Sunday, September 27, 2009

Installing a Brother MFC-7340 Multifunction Printer in Ubuntu 9.04

Brother provides a webpage to guide the process of setting up an Ubuntu 9.04 installation with certain Brother brand printers. This post describes the steps I took to set up my Brother MFC-7340 Multifunction device. I decided to work through one function at a time, starting with the MFC-7340's printer. First, I downloaded the printer drivers. It looked like I was supposed to get both the LPR driver and the cupswrapper driver, so I did. I chose the Debian rather than RedHat (.rpm) format for these and other downloads. The LPR driver installation instructions recommended using the CUPS driver rather than LPR, if CUPS was working. On my system, it wasn't. I took that as a cue that I should begin by trying to use the LPR driver instead, though possibly it should have told me that I should try again with CUPS, to see if I could get it to work. The LPR driver instructions told me to begin by attending to certain pre-installation requirements. On my 64-bit Ubuntu installation, this involved going into System > Administration > Synaptic Package Manager, where did a quick search for the ia32-libs package. It was already installed on my machine. If it hadn't been, I would have checked it and clicked on Apply. In Ubuntu's Applications > Accessories > Terminal, I navigated to the folder where I had put the LPR driver download. The easy way to navigate there was to find it in Nautilus (i.e., Places > Computer, what Ubuntu calls "File Browser"), copy its address from the Nautilus address bar, and paste it into a CD command (e.g., CD "/downloadlocation/folder/downloadedfile.deb"). In that folder, I entered the following command in Terminal:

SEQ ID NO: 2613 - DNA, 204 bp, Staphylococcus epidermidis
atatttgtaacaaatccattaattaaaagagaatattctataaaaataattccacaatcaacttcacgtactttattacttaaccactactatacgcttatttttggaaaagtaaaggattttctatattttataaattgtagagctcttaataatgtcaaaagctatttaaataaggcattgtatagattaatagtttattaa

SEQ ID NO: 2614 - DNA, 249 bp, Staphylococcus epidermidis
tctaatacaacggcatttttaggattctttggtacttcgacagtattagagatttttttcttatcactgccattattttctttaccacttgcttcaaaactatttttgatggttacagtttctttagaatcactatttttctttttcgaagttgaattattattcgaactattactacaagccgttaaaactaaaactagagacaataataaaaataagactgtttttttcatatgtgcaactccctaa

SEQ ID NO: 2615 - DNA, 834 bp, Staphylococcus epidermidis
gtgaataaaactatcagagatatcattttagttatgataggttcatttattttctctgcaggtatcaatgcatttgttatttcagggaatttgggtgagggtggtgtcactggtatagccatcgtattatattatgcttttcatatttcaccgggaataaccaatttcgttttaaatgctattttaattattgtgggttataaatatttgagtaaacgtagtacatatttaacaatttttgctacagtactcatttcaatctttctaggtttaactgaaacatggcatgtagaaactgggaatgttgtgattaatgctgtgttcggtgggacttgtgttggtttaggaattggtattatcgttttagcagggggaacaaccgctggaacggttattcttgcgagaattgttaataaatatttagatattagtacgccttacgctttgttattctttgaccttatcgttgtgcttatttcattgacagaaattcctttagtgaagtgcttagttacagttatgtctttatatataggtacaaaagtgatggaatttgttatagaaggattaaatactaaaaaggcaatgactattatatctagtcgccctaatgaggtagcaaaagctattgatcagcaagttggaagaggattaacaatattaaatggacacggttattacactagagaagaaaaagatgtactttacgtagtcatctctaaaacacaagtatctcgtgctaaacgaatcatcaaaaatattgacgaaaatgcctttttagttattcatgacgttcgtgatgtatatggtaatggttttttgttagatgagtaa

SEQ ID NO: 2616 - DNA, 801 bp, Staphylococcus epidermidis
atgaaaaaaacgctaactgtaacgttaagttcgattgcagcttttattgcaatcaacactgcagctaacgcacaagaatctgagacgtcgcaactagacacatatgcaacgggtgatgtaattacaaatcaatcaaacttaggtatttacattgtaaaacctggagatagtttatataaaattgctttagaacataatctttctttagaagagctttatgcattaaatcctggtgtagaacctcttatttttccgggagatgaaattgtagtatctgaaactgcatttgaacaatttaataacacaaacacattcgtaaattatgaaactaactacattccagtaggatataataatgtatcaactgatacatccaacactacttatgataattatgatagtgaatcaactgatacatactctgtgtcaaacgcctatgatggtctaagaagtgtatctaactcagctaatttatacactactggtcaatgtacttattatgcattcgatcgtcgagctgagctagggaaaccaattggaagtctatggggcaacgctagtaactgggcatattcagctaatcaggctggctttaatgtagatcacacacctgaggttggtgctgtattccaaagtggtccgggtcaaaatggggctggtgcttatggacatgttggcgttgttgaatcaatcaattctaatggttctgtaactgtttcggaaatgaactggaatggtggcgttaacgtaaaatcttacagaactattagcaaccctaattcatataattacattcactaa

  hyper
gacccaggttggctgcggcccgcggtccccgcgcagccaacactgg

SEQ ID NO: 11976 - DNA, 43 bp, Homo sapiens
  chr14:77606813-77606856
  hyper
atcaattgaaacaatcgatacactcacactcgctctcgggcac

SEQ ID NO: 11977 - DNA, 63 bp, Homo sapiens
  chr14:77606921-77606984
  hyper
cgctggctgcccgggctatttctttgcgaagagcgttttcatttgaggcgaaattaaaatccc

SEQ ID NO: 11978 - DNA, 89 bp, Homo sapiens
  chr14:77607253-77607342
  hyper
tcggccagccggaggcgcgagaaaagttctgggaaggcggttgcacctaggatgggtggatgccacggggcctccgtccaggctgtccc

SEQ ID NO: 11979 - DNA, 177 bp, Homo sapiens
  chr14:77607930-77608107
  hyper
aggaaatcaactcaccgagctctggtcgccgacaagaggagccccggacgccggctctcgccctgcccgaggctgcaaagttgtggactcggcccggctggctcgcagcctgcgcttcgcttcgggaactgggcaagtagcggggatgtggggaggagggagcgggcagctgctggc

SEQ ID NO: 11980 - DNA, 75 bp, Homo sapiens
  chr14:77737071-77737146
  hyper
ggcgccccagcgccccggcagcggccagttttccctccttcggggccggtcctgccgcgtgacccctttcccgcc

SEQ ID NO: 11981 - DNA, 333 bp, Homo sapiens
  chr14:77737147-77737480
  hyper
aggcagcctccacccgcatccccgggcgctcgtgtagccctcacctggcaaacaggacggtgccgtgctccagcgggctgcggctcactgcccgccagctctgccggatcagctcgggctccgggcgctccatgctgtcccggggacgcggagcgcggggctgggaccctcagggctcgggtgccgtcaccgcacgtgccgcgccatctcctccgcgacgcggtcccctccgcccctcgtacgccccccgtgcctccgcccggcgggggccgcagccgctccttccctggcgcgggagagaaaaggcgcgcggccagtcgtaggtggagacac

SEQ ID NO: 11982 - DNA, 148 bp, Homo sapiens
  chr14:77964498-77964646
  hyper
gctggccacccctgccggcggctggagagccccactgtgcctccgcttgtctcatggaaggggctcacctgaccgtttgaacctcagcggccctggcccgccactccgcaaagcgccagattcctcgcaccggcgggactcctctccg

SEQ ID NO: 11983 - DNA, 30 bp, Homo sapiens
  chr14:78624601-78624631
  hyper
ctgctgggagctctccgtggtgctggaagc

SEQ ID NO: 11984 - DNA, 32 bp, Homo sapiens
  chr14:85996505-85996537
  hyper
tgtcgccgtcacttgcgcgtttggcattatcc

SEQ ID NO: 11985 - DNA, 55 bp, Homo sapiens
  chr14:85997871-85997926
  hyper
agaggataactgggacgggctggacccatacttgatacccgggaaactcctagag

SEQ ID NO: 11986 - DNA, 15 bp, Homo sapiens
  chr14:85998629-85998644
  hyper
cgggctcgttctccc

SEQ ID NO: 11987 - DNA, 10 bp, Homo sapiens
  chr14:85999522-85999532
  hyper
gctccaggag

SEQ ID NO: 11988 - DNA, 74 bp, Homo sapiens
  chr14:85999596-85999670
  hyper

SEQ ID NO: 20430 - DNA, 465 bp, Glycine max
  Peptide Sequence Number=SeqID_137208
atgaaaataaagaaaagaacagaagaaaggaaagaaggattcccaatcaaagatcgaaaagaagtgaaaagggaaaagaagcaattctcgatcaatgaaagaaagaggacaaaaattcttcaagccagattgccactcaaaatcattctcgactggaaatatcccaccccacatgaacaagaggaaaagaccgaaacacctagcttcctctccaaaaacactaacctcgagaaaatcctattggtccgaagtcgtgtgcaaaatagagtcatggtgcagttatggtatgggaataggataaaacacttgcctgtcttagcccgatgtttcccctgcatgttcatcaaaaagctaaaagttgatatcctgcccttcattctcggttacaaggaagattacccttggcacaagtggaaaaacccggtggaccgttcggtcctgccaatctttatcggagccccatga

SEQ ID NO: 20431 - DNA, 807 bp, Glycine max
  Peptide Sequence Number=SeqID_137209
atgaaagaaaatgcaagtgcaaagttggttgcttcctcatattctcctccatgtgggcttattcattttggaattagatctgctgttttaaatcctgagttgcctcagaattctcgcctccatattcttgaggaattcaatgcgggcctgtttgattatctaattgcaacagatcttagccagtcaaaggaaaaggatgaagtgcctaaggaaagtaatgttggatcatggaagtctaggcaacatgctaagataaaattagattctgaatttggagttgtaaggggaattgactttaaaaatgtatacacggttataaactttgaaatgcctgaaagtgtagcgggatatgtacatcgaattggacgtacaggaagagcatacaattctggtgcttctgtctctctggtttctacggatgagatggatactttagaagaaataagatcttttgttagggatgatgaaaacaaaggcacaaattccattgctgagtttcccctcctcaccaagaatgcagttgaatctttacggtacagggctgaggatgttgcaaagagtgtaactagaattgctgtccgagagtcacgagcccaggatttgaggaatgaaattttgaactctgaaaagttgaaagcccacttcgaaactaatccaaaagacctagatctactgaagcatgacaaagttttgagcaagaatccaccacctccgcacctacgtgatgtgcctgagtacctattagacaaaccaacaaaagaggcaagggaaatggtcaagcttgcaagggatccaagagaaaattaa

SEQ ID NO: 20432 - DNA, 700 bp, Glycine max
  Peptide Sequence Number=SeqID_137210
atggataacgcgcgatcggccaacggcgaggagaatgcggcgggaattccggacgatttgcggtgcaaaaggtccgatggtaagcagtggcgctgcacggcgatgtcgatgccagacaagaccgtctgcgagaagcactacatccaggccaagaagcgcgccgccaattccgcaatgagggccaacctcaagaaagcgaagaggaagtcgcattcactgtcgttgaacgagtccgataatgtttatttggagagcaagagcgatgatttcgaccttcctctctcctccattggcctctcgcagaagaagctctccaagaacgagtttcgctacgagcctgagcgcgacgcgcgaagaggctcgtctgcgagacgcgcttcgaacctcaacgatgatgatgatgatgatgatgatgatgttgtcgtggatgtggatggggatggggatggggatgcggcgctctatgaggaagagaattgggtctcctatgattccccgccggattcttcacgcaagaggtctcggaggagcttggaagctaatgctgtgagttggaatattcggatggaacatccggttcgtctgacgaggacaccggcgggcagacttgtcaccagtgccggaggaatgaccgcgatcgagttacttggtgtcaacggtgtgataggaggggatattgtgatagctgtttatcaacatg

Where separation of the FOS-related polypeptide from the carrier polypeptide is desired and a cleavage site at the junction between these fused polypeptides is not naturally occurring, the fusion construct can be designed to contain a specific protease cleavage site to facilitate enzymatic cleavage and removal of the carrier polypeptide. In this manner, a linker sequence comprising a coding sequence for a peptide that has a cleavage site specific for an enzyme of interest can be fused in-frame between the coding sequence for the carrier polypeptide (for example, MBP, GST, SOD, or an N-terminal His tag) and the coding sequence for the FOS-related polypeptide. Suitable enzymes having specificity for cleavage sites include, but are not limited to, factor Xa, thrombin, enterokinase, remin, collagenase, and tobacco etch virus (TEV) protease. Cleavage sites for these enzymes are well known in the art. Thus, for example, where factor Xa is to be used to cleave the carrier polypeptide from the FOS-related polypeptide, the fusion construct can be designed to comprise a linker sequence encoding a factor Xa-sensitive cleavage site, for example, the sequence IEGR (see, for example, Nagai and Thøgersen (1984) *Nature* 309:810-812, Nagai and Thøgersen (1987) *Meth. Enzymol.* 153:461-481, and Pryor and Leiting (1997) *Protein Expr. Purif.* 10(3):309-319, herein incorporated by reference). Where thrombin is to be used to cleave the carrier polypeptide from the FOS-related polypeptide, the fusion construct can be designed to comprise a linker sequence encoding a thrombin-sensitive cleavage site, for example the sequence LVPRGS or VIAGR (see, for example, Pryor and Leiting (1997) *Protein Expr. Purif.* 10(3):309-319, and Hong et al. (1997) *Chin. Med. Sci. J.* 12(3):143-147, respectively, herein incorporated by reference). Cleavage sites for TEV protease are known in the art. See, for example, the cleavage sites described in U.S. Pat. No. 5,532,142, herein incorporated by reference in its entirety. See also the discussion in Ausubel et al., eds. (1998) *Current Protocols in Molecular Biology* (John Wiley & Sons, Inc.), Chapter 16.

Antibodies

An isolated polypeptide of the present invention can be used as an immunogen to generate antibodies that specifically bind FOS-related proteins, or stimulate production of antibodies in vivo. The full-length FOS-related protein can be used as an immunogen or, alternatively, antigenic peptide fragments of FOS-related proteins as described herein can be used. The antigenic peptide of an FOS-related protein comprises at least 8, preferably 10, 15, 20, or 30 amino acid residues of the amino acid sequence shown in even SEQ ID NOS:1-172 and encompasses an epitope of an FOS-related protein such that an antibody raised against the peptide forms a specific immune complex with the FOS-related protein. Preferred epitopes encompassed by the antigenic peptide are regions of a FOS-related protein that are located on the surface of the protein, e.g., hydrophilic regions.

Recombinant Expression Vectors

sudo dpkg -i --force-all brmfc7340lpr-2.0.2-1.i386.deb
where everything after "force-all" was the name of the downloaded LPR driver. Note: this won't work if Synaptic or some other program updater is still running. Then, to test whether it worked, I typed this:
dpkg -l | grep Brother
which gave me something resembling a positive reply. Next, I edited the configuration file:
sudo gedit /etc/printcap
where the instructions told me to verify that, under the MFC7340 heading, the line beginning with ":lp" would say :lp=/dev/usb/lp0. Mine actually said :lp=/dev/usb/lp0:\ with an ending backslash, but I doubted this was crucial, so other than that it looked good. Now I needed to restart the print system by typing this:
/etc/init.d/lpr restart
But that appeared to be mistaken; I got "No such file or directory," and if I prepended "sudo" to it, I got "command not found." At this point, I plugged in the USB cable to the printer, realizing that there was probably no Ubuntu counterpart to the problem of screwing everything up by plugging in the USB cable before you've installed the drivers. And when I did that, something interesting happened. Ubuntu started looking for drivers, and wound up at a New Printer dialog that said, "Choose Driver." I chose the (default) "Select printer from database" option, and it defaulted to the Brother MFC-7225N BR-Script3, which it seemed to think was close enough to my MFC-7340. But it wouldn't proceed because it believed I was entering the wrong password for my local system, which I definitely wasn't. I couldn't get past that, so that was the end of the automated process. The "Printer configuration - localhost" dialog was showing a green circle with a check mark on an icon representing another, working printer that I had previously installed on this Ubuntu system, but there was no mention of this Brother printer. When I entered the command to print this page on which I am typing these words, I got a Print dialog showing options for that other printer, as well as a Print to File option and the nonworking CUPS PDF option, but this Brother printer did not appear there either. I decided to try the CUPS option. Its instructions seemed to continue on from where the LPR installation left off, so I had essentially completed the first several required steps to install CUPS. My next step, then, was to type this: